Online publications are the rage, and they are the future. They offer amazing value for the publisher, for the advertiser and for the reader. They also offer more than significant cost reduction for all three players.
BACKGROUND: I moved to Charlotte, N.C., in 1988. I brought as much of the Northeast with me as I possibly could. That included my subscription to The New Yorker. That magazine doesn’t just have the best articles in the world; it also has the best cartoons in the universe.

The magazine comes out 47 times a year. As you can imagine, for one reason or another, the magazine often did not get read. Sometimes there would be an unread pile of five or six. Guilt would set in.

Finally, after eight or nine years, I stopped my subscription. Occasionally I would pick up one in the airport gift shop and read it on the plane, and I continued to subscribe to the cartoon newsletter. It came to my email inbox with all the cartoons once a week. Then they changed it, and made you click onto their website in order to see the cartoons, so I quit reading it.

TODAY: This morning, I got a random email listing the contents of this week’s New Yorker magazine. I guess they had my address and decided to quasi-spam me. I bit.

I clicked on the link and found out that for $59.95 a year, I could get a digital subscription that included the current issue, a one-year subscription, and access to EVERY back issue since 1925. Plus they throw in The New Yorker cartoon calendar. I couldn’t resist.

I bought the online version, and from now on, I will only buy the online version of anything I want to subscribe to or read. Here’s why: I go on the airplane, I click the New Yorker icon on my iPad. Then I read this week’s issue, I look at this week’s cartoons, and I can go back and look at nearly 5,000 other back issues that are searchable by content. Holy magazine, Batman!

REALITY: Online cuts costs drastically. Online makes advertising more affordable. Online offers more options for the reader to connect with the advertiser. With print ads, the reader has to make a call or go online and search. With online ads, the reader is already online and only has to click the ad to find out more, subscribe to a blog, get a video, go to the advertiser’s website or buy something.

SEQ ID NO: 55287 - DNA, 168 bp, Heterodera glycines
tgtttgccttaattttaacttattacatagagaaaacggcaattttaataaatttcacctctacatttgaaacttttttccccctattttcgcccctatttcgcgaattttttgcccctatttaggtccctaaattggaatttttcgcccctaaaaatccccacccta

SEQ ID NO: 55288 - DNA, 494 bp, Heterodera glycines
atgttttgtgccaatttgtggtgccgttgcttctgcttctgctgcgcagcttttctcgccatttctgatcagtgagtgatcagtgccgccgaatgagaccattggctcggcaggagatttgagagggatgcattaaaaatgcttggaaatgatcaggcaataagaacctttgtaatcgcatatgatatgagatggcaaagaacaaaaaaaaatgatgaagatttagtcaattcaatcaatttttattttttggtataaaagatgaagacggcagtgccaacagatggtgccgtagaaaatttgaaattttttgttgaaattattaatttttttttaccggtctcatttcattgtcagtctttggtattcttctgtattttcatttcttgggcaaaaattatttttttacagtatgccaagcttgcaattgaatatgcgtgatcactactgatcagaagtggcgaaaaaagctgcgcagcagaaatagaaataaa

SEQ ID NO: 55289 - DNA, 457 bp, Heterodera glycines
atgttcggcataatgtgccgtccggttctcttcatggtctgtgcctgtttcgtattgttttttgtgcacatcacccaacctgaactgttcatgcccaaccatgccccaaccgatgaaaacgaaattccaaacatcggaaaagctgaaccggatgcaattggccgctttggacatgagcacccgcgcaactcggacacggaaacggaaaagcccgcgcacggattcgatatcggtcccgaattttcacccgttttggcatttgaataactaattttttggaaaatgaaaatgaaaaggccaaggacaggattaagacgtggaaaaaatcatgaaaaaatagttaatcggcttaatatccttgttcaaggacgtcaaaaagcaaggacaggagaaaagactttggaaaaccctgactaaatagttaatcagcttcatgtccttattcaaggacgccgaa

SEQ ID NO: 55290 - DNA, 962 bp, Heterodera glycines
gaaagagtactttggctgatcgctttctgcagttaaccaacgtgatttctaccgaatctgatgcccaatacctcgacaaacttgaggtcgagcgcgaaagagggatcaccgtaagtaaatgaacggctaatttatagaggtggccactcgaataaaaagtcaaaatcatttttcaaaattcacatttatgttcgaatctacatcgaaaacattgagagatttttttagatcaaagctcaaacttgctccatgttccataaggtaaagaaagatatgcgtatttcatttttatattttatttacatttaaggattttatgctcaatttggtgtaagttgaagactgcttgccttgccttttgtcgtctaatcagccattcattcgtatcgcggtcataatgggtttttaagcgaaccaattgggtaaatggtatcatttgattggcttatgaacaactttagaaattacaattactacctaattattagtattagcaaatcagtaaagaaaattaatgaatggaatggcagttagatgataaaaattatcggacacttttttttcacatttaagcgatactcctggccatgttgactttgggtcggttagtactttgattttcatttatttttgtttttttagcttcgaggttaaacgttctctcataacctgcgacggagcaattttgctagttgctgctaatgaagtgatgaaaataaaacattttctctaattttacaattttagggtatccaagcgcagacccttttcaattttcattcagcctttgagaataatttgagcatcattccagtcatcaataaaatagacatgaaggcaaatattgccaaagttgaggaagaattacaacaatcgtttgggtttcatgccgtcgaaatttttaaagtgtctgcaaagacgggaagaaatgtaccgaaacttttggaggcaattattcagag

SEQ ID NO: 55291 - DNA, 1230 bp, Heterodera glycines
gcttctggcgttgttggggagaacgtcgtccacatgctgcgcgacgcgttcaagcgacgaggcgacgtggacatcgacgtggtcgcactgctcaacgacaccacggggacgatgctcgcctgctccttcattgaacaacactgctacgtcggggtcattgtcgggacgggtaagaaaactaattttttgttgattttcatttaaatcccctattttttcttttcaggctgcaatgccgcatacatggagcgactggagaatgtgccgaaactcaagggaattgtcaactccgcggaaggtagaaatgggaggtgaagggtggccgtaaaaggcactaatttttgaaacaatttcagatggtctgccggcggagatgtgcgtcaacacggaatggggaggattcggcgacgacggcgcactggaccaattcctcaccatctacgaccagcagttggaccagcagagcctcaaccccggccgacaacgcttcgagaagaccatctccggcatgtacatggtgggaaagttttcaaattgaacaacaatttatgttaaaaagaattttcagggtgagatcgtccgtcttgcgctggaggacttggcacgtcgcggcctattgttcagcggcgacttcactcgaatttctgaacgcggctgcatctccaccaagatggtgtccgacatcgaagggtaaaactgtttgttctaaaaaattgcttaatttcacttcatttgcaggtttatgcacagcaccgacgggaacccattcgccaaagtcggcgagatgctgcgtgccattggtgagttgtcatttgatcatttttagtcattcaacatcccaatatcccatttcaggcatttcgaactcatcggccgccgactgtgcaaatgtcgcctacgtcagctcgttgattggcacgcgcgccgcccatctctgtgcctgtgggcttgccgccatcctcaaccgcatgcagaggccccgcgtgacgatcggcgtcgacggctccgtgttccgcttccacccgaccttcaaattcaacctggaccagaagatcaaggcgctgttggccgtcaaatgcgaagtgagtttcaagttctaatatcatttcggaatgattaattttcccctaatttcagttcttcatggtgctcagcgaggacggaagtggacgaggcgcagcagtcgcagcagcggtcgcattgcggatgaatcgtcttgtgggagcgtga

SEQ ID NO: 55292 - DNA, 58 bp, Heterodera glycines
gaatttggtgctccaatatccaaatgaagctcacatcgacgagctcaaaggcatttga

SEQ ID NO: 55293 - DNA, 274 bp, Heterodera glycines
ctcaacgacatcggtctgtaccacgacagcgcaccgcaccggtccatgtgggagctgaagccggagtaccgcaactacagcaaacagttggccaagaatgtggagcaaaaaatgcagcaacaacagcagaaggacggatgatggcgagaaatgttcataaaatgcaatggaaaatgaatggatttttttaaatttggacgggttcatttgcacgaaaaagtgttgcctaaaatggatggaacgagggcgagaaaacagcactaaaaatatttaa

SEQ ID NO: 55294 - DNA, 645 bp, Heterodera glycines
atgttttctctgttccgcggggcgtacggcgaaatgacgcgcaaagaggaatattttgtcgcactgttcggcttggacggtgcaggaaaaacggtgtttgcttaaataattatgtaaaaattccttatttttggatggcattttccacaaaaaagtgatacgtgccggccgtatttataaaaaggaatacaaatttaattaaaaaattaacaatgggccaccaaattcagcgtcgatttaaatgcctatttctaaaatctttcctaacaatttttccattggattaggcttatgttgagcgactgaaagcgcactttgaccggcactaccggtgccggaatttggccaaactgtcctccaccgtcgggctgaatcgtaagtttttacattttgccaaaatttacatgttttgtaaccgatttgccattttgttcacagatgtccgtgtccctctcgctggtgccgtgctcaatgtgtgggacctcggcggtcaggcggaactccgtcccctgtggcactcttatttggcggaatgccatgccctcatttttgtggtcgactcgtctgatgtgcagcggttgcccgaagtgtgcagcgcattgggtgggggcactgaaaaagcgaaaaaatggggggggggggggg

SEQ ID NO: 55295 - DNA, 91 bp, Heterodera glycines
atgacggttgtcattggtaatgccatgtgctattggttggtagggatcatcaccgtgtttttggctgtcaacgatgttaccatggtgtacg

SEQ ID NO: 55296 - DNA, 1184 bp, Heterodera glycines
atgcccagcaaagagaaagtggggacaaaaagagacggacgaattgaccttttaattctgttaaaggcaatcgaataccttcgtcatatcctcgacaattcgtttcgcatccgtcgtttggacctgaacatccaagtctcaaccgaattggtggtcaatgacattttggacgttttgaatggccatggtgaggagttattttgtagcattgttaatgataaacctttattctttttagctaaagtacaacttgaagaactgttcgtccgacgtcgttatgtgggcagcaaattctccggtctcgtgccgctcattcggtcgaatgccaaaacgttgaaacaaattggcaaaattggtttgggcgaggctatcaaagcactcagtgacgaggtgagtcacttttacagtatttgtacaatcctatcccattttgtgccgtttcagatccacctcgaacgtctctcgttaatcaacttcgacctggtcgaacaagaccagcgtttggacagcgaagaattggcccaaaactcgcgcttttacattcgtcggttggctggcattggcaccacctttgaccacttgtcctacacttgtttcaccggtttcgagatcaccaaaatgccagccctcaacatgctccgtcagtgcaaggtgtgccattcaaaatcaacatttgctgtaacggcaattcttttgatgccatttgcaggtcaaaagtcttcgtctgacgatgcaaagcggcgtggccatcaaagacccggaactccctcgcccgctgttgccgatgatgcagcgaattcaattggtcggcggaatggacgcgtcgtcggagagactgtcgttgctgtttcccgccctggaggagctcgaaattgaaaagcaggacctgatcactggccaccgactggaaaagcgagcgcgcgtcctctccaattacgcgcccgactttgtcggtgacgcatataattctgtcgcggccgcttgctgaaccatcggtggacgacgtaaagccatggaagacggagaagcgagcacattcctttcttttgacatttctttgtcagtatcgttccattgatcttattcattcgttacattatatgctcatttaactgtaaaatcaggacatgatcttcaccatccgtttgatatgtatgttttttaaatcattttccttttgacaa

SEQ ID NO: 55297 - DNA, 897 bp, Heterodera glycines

I’M ALL IN: Am I missing something here? Value, versatility and instant access. Take my ad on Selling Power magazine in April. It’s an ad I would have NEVER placed in the print version, an ad that is 50 percent less expensive than it was in the printed version, an ad that gives the magazine’s reader (my prospective customer) instant access to my offer.

FOOL’S GOLD: Five years ago, I had a talk with some Yellow Pages executives. I asked them how much longer the Yellow Pages would be printed, and when they would be switching to an online version. They smiled and proclaimed, “We’re not going to stop printing. The book is our cash cow.” And they changed the subject. In the last five years, the book has gone from a cash cow, to a cash calf, to a cash rump roast. And is more than 10 years late to the dance.

Please don’t read this the wrong way. Print is not dead. In fact, it will always be alive. Many people still don’t have the ability to get online publications. But the market is making a HUGE shift. There are “only” a few hundred million e-readers, tablets, and smartphones. The print impact felt by online availability is undeniable.

How much of an impact has your e-reader or tablet made on your reading habits? Has online reading brought you greater convenience and availability? What are your plans to make your products and services “online available”?

THINK ABOUT THIS: Every time you see people reading on a tablet, they could be reading about you!